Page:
The Symbolism Of Vinayaka

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Vinayaka is one of the famous and greatly worshipped deities in Hinduism. The main identity of Vinayaka is his elephant like head. It is known that Vinayaka is the eldest son of Lord Shiva and Goddess Parvati.
Ganesha or Ganapati is the leader of the Shivaganas (the forces of Shiva). He is the first among the gods to receive all the honours. He is called Vighnaraja, or Vighnesvara, lord of the obstacles and impediments. Devout Hindus worship him for removal of obstacles. Before starting any particular venture or worshipping other gods, they remember Ganesha, their beloved god. The only exception to this rule is when Shiva is worshipped. When you worship the father there is no need to worship the son separately because the son is
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This is the form in which he is normally worshipped on the occasion of Ganesh Chathurthi.
Symbolism of Ganesha
Ganesha represents all that is grotesque and unusual in the world around a center of purity and divinity and in that synthesis of odds, he symbolizes the unity between the the usual and the unusual, the normal and the abnormal and the beautiful and the ugly aspects of earthly life. He reminds us of the simple truth that everything in the company of God becomes divine. His form dispels many illusions that we entertain in our minds about forms and appearances and the notion that beauty and intelligence go together, where as in truth we rarely see these two in equal proportions.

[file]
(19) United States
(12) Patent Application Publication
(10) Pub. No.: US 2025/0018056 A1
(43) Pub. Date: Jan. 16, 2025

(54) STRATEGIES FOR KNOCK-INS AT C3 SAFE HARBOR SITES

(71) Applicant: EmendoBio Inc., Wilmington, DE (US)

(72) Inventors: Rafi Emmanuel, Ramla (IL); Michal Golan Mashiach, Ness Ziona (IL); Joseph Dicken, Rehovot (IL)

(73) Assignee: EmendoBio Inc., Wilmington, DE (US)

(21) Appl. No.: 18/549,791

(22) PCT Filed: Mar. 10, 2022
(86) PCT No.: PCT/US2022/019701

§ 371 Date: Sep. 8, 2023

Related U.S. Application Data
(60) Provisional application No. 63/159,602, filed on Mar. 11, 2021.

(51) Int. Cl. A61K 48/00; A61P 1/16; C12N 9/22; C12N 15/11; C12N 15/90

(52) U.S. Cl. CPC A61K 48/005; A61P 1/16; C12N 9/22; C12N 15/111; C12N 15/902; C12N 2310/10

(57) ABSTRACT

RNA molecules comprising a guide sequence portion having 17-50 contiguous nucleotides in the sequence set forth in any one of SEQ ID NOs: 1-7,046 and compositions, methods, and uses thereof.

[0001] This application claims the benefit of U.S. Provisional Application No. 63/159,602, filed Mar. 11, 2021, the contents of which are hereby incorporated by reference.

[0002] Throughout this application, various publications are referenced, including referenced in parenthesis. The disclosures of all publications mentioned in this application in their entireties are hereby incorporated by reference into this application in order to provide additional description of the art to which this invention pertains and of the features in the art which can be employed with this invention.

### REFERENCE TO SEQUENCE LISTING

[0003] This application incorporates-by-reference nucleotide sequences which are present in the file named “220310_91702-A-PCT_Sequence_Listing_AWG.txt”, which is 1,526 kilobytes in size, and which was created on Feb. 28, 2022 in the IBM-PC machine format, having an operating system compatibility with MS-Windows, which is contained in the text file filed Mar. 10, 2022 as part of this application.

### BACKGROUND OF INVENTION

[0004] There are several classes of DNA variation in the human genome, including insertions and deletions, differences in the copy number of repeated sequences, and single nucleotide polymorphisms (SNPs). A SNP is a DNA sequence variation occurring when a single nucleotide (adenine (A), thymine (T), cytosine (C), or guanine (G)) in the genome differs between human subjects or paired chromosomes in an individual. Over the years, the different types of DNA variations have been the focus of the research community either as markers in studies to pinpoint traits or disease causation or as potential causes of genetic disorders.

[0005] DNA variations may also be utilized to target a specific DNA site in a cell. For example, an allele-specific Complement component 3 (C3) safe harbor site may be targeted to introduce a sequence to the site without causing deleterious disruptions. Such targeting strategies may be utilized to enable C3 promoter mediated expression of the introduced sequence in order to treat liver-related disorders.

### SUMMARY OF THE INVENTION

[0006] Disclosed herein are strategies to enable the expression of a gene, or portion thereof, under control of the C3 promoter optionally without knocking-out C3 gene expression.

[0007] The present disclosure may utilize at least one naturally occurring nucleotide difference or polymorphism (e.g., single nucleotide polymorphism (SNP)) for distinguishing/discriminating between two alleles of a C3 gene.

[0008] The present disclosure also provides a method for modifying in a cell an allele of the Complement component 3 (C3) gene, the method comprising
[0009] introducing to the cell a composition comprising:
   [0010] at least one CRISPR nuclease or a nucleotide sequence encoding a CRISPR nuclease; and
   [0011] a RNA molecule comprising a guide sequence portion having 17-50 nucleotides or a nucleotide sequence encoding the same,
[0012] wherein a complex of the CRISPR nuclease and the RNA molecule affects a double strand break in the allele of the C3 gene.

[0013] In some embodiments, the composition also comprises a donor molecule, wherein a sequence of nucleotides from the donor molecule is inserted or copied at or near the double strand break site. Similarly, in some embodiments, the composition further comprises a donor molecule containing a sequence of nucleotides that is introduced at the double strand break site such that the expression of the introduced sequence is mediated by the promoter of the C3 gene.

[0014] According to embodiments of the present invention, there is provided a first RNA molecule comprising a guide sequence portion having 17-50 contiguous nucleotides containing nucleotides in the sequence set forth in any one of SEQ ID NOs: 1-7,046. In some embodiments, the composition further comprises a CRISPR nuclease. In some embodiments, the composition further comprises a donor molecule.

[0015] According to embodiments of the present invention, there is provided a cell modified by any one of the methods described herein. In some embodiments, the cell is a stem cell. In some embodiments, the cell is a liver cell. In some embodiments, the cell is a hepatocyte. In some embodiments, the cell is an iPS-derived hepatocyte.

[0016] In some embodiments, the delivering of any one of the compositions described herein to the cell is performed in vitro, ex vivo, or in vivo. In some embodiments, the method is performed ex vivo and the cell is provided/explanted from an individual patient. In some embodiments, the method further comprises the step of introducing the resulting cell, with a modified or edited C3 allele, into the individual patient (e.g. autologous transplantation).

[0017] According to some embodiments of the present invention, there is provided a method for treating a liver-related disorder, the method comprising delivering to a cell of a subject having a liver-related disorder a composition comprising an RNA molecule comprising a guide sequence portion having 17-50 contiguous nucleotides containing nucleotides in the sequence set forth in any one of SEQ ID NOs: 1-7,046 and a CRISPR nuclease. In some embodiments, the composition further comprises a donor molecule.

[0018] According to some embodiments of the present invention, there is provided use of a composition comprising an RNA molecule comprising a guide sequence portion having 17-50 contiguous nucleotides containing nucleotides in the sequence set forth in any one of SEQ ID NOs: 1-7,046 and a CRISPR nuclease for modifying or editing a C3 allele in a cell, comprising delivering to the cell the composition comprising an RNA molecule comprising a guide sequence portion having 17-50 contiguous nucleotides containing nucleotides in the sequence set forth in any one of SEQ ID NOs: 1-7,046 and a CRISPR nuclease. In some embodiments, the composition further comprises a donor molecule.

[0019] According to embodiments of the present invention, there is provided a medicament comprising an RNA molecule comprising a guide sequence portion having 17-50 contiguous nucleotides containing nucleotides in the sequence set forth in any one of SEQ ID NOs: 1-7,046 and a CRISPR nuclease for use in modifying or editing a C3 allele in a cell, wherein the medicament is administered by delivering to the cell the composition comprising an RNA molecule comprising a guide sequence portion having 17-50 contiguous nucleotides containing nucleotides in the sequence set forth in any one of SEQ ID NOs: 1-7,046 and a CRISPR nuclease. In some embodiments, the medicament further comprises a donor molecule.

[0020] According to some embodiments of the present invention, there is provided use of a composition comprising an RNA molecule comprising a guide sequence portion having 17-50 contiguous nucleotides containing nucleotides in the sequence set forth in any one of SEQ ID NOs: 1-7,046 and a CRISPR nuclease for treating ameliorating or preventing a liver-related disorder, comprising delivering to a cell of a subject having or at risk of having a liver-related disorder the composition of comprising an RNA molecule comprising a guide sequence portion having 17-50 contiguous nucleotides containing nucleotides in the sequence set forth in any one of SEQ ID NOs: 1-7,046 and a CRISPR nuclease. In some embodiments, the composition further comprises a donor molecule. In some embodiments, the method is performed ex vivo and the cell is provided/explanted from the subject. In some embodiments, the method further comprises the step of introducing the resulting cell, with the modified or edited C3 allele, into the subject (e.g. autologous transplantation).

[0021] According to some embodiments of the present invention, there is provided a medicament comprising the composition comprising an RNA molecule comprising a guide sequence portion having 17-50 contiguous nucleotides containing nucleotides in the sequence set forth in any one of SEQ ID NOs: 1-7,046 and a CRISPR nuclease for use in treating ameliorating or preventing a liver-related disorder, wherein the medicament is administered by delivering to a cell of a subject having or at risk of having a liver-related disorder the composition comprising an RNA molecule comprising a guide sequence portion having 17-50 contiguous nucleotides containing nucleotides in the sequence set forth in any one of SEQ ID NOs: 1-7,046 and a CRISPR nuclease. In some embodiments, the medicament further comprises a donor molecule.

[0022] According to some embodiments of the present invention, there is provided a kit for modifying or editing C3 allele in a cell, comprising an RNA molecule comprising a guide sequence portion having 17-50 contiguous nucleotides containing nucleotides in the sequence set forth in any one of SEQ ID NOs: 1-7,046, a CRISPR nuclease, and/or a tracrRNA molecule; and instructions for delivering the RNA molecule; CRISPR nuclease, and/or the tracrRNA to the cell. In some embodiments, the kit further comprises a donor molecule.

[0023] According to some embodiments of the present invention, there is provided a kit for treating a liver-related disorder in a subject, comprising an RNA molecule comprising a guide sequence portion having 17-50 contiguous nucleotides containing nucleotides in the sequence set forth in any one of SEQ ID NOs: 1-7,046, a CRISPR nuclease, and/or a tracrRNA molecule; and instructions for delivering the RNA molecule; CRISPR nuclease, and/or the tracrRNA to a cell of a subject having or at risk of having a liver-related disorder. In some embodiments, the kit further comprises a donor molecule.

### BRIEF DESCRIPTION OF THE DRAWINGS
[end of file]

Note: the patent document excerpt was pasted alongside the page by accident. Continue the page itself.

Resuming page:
Lord Ganesha is described as the creator of obstacles. But this is only symbolic. In reality Ganesha is a facilitator who helps us in our good actions by obstructing us in our wrong doings. He becomes an obstacle when we indulge in actions that are not in harmony with our divine nature or detrimental to our spiritual progress. As human beings, we have limited awareness and we may not always take the right
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To perform any action successfully, we need faith and belief in God. Lord Vinayaka drives away our fears, when he descends into our consciousness and rides our minds. He instills in us the courage to face life and become divine. His large elephant head is indicative of his abnormally high intelligence and his enormous mental powers. Ganesha is an epitome of knowledge, well versed in the Vedas and other scriptures. He put the Mahabharata into writing. His broken tusk gives us the hope that we too can transform our aggressive tendencies and sublimate them into peace and

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